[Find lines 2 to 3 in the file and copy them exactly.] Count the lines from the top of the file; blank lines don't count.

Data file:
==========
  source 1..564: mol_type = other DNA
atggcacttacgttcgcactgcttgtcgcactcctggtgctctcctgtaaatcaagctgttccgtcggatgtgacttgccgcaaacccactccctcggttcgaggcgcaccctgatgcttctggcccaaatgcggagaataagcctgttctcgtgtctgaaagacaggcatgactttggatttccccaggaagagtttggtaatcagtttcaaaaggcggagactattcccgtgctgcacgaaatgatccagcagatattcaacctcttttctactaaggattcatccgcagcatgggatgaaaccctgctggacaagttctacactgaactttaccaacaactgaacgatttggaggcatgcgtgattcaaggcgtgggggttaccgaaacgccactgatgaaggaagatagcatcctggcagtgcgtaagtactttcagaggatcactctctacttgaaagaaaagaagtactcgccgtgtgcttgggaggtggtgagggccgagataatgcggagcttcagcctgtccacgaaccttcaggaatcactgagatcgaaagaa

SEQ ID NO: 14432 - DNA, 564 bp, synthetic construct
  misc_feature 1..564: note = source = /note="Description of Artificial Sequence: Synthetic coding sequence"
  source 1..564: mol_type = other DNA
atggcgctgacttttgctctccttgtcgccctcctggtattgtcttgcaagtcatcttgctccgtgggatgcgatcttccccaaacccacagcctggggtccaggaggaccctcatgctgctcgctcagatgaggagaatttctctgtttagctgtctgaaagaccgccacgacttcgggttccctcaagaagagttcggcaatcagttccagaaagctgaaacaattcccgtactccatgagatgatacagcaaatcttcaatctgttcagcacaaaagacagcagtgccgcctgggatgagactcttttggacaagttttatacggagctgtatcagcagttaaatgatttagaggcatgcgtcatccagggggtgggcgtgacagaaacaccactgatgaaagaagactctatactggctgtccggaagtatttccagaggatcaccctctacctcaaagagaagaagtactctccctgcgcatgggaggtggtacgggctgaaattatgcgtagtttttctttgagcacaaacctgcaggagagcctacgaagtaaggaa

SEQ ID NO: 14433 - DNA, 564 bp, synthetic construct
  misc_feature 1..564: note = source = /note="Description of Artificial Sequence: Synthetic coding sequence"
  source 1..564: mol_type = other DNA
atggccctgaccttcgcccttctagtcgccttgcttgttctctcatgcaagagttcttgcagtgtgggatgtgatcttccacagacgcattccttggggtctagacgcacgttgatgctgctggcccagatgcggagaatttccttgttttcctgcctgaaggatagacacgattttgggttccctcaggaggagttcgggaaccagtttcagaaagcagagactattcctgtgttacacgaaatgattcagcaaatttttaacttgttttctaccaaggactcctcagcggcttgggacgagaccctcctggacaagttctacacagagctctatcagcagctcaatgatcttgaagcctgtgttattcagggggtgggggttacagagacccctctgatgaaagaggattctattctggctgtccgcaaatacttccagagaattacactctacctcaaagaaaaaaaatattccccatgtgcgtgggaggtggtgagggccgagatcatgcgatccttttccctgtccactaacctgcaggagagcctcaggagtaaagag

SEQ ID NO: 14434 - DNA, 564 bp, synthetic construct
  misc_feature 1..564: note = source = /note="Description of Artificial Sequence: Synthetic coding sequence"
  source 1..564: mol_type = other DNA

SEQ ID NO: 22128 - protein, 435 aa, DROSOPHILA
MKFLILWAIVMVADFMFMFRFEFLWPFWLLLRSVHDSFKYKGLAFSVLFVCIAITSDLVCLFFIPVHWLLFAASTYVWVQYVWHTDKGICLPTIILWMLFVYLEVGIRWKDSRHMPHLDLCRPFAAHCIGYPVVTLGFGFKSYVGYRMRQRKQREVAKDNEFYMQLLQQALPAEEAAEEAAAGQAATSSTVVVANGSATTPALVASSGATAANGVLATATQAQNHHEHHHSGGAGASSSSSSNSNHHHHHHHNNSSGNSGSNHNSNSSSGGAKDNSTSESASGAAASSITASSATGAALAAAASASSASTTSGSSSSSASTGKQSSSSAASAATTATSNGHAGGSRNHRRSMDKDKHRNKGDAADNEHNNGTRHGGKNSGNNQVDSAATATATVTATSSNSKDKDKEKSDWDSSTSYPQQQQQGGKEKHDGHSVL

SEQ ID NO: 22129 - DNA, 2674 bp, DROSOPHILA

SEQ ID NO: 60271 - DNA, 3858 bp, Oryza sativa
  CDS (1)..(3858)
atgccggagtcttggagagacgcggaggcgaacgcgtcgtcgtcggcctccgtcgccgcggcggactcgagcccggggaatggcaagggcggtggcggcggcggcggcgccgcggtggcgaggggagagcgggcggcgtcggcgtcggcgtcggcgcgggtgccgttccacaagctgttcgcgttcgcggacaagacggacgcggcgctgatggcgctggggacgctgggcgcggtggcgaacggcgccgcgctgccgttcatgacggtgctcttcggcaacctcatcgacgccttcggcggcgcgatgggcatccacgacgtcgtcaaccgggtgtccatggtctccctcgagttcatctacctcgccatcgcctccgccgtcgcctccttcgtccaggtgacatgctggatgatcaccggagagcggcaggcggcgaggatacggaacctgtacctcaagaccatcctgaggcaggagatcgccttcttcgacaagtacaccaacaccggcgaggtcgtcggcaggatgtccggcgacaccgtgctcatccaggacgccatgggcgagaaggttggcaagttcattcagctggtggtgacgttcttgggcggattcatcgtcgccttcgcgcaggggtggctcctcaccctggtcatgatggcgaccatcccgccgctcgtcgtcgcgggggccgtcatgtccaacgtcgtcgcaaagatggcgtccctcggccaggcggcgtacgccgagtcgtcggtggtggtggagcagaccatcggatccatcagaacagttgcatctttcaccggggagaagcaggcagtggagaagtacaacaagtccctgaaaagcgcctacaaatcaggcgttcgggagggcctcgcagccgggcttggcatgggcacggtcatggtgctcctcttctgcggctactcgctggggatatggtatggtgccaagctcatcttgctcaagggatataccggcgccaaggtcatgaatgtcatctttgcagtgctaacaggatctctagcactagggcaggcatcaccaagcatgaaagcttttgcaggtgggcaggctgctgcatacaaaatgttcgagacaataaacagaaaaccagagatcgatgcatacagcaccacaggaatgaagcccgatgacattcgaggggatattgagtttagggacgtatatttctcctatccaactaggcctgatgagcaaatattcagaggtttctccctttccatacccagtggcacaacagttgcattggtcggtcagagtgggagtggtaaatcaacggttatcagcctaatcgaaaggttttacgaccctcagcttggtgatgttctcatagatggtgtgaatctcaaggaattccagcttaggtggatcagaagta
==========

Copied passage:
atggcacttacgttcgcactgcttgtcgcactcctggtgctctcctgtaaatcaagctgttccgtcggatgtgacttgccgcaaacccactccctcggttcgaggcgcaccctgatgcttctggcccaaatgcggagaataagcctgttctcgtgtctgaaagacaggcatgactttggatttccccaggaagagtttggtaatcagtttcaaaaggcggagactattcccgtgctgcacgaaatgatccagcagatattcaacctcttttctactaaggattcatccgcagcatgggatgaaaccctgctggacaagttctacactgaactttaccaacaactgaacgatttggaggcatgcgtgattcaaggcgtgggggttaccgaaacgccactgatgaaggaagatagcatcctggcagtgcgtaagtactttcagaggatcactctctacttgaaagaaaagaagtactcgccgtgtgcttgggaggtggtgagggccgagataatgcggagcttcagcctgtccacgaaccttcaggaatcactgagatcgaaagaa

SEQ ID NO: 14432 - DNA, 564 bp, synthetic construct